Our first job is the make the inner sleeve which will fit between the two can bottoms. We're going to use the split cylinder we lovingly made last time. The picture below should help a little.
A/ The circumference of the inside of the can (black line in can bottom) PLUS 30mm.
B/ The height of your tallest can bottom.
The lines with cut against them will hold the sleeve together. To measure them, pop your sleeve inside the can bottom, your aiming to get the sleeve to fit snugly into the lowest point (where the black lines are on the pic below). You'll find the ends of the sleeve will overlap ... use a pen to mark 10-15mm inboard of the over lap, mark it inside and out. Transfer the marks to one side and draw the lines ... half way down from the top for one and half way up from the bottom, for the other.
Once our lines are cut we need to add 3 or 4 notches to the bottom edge. Be as accurate as you want, it wont make any difference to how well the thing works! We should now have something that looks a bit like the picture below.
Roll it up and slot the two cuts together to form a cylinder ... as below. If you've loads of excess material on the join trim a bit off if you like.
I'm hoping that you haven't drunk your last full can just yet as we're going to need it. Use a full can (remember it has to be the same size) and CAREFULLY stretch ONE on your can bottoms. Don't go too mad or you'll either get them stuck or split the can bottom.
Doing well aren't we? ...This is the part that requires a little patience. First, put your inner sleeve into the stretched can bottom, with the notches you cut at the bottom. We now have to get the other can bottom to slide into the stretched one. It will be tight, you will get it in, apart from a tiny bit that won't behave itself. If you're struggling, cut yourself a shim from your scrap cans and use it like a shoe horn ... take your time, don't swear and be gentle. Once the two cans are lined up they should slide together fairly easily. Give 'em a good old squeeze and the end result should look something like below.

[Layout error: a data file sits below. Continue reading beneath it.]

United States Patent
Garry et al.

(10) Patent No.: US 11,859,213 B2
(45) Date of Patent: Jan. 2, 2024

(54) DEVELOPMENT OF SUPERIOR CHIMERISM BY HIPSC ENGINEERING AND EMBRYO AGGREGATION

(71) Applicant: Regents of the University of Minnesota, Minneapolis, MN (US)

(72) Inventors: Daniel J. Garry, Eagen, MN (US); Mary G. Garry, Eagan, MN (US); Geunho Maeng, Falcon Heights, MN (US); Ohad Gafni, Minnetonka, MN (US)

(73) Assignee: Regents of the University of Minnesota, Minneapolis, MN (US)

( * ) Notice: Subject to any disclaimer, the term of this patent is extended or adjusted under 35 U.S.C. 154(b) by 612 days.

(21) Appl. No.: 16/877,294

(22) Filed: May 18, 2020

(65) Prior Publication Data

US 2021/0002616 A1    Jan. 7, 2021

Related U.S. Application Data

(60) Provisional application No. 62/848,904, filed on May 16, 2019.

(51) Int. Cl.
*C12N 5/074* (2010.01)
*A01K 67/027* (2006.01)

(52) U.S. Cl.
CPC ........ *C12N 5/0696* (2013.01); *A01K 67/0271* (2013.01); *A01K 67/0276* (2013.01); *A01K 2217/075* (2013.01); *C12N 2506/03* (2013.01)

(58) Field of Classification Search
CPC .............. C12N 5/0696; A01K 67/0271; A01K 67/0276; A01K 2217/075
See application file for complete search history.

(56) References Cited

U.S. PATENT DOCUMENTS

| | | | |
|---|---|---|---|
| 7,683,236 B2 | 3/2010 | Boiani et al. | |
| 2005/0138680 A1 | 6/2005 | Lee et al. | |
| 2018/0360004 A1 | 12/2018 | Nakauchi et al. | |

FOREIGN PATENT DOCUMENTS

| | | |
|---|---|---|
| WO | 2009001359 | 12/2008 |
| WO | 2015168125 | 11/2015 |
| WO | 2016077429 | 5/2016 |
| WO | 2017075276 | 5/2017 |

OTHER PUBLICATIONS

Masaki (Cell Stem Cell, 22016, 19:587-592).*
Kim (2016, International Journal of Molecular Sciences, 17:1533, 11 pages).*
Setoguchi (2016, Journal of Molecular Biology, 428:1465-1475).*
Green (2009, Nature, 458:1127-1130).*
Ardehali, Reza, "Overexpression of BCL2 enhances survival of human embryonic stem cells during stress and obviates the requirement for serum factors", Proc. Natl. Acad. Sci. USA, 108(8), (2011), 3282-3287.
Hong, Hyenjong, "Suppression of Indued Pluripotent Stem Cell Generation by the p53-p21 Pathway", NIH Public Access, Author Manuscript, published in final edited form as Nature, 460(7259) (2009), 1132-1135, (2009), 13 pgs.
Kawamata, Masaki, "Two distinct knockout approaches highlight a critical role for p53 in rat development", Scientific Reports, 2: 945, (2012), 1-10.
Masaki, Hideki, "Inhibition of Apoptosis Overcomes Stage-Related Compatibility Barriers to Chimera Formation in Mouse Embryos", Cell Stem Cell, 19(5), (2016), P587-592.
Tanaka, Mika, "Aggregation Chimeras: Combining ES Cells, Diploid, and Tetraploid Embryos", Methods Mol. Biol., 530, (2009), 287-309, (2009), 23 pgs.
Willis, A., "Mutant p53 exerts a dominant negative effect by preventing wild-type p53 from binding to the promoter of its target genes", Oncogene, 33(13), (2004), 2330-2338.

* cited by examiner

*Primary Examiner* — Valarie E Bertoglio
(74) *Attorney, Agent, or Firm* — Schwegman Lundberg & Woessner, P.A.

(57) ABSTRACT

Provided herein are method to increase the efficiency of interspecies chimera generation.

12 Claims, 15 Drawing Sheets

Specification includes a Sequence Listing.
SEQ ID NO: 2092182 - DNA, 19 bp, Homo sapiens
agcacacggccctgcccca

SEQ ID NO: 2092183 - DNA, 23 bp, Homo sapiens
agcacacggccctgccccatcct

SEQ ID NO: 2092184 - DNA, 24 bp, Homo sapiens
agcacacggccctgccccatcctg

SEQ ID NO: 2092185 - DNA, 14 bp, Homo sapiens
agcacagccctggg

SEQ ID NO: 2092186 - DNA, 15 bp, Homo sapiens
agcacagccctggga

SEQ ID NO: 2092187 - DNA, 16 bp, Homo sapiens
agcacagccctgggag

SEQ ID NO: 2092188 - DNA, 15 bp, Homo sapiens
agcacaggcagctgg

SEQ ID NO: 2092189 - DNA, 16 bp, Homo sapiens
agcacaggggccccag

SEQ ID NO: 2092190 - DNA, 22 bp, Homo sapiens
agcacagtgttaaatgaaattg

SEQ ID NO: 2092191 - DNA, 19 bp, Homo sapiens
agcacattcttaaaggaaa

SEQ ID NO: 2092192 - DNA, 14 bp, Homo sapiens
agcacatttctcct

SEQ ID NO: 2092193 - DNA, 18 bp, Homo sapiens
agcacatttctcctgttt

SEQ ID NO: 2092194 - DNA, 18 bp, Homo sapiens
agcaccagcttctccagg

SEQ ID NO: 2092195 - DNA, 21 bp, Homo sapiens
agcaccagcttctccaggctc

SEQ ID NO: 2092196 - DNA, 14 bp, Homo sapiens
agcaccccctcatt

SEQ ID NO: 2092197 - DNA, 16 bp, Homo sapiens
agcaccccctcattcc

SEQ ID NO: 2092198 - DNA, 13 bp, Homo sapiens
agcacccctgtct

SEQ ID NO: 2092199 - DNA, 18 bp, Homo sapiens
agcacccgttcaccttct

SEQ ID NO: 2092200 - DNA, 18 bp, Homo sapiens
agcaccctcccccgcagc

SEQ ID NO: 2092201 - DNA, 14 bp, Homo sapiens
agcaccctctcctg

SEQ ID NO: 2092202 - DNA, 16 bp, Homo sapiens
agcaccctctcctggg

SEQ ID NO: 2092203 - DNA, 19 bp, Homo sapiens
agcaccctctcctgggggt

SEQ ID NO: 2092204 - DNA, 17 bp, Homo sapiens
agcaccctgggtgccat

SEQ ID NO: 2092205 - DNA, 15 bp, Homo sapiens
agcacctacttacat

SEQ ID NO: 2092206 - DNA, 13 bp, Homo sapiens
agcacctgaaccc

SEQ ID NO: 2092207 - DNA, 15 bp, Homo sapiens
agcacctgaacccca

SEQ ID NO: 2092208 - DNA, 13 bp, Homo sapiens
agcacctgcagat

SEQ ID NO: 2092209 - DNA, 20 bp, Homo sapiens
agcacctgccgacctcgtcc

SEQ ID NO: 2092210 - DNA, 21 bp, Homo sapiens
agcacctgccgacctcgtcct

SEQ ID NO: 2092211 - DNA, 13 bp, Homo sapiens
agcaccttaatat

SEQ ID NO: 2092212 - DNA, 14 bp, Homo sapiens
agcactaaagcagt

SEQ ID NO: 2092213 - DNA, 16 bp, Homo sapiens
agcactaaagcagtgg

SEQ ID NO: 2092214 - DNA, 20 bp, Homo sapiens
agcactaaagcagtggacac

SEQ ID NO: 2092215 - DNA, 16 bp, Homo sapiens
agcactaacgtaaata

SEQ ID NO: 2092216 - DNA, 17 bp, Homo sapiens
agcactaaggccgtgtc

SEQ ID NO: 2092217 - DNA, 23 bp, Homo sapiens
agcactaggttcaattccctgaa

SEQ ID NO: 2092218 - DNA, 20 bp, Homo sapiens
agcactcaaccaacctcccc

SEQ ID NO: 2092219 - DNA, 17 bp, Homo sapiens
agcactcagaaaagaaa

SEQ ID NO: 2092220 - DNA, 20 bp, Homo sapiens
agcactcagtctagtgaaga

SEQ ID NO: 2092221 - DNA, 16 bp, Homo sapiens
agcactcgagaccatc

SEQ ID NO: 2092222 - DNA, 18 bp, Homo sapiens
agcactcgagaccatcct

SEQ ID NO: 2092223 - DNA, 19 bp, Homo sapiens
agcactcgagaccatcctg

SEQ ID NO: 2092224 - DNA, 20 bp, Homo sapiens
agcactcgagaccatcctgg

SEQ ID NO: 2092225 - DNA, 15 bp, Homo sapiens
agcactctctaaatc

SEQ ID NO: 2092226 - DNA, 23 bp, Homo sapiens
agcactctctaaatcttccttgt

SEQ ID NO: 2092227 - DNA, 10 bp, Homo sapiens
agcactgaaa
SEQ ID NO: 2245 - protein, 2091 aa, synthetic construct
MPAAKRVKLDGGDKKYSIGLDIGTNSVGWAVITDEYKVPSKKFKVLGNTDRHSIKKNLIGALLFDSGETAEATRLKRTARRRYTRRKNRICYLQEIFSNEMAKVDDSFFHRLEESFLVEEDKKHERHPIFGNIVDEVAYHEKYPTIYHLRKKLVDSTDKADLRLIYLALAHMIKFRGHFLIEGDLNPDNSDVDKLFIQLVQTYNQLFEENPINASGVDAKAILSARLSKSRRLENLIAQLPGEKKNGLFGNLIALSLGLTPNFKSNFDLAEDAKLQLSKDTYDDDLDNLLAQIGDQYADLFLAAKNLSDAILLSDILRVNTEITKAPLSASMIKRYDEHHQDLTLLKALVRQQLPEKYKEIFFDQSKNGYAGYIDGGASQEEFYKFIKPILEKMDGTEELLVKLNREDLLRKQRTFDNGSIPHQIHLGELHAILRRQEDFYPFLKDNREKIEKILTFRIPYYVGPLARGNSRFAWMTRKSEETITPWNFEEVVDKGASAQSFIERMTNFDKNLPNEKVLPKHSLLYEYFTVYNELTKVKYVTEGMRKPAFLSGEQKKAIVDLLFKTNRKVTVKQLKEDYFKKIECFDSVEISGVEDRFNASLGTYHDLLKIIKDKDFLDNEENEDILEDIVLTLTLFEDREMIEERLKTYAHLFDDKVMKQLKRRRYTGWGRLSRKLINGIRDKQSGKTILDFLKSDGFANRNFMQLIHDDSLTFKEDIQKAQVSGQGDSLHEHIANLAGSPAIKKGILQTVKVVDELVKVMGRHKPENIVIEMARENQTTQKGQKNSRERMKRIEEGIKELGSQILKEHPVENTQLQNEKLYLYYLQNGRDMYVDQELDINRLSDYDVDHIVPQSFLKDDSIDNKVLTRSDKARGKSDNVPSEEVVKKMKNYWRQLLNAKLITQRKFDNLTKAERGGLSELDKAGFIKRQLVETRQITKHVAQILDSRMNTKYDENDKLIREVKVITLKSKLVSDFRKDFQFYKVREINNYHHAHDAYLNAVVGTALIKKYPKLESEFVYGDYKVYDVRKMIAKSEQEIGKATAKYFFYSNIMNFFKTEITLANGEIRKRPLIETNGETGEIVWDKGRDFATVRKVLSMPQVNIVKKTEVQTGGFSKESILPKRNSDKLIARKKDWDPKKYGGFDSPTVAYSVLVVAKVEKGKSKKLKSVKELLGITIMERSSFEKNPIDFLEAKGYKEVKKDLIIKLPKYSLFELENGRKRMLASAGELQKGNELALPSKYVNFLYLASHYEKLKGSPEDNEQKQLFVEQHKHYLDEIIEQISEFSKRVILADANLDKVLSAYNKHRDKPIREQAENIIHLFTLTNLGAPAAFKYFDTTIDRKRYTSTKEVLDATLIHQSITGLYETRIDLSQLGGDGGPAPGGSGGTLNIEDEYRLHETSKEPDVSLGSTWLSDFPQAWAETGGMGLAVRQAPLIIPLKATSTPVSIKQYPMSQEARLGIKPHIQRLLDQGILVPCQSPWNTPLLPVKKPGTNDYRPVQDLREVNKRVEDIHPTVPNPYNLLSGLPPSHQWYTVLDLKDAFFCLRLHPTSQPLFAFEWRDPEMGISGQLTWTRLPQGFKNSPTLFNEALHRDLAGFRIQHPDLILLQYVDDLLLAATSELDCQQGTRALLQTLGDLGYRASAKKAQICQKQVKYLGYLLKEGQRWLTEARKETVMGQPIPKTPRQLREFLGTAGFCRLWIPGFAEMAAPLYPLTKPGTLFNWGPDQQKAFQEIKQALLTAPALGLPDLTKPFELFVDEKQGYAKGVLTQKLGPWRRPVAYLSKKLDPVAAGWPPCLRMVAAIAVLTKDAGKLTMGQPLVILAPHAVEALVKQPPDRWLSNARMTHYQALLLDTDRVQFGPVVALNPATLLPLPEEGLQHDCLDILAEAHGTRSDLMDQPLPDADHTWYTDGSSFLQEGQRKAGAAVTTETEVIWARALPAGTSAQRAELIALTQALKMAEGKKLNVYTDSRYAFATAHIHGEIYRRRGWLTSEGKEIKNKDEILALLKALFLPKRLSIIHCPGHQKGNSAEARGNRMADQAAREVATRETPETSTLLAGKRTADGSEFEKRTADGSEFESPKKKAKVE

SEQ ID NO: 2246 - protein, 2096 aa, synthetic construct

You did remember which way up it goes didn't you? ... the notches in the inner sleeve must be at the bottom. The picture below shows where we're going to cut to remove the TOP. I find that if you cut the crossed lines first, then score the outer circle you can often just break the quarters off.
The picture below shows the top removed and I've also cleaned up the outer edge ... don't feel you have to though. You can go as mad as you like tarting it up, file/grind it down, polish it or paint it ... whatever you like. You should also see some black dots, these are your potential jet locations. I've played around lots with sizes and location of jets and depending what your going to be cooking in these aren't bad. The upper dots, will produce flames that point more or less upwards, very good if your pot is a small diameter one, however you'll also need some kind of pan support, otherwise the pan will smoother the flames and put the stove out. The lower jet location will produce flames from the stove sides, so are more suited to a wide pan. In this configuration you can get away without an additional pan support too ... just sit your pan on top of the stove. Use a drawing/notice board pin to make the jet holes. Twist it like a drill and be careful not to push too far, you only want holes in the outer skin remember. I find that 8-12 jets works ok. Again be as precise or slap dash as you like with marking them out.
That's it, job done. Pour 20ml or so of meths in to your new pride and joy and fire it up. It'll take a couple of minutes to bloom but once it does it should look like this. Something to note - I've put two sets of jets in the stove below to try and show how the low and high jet locations will burn. Have fun!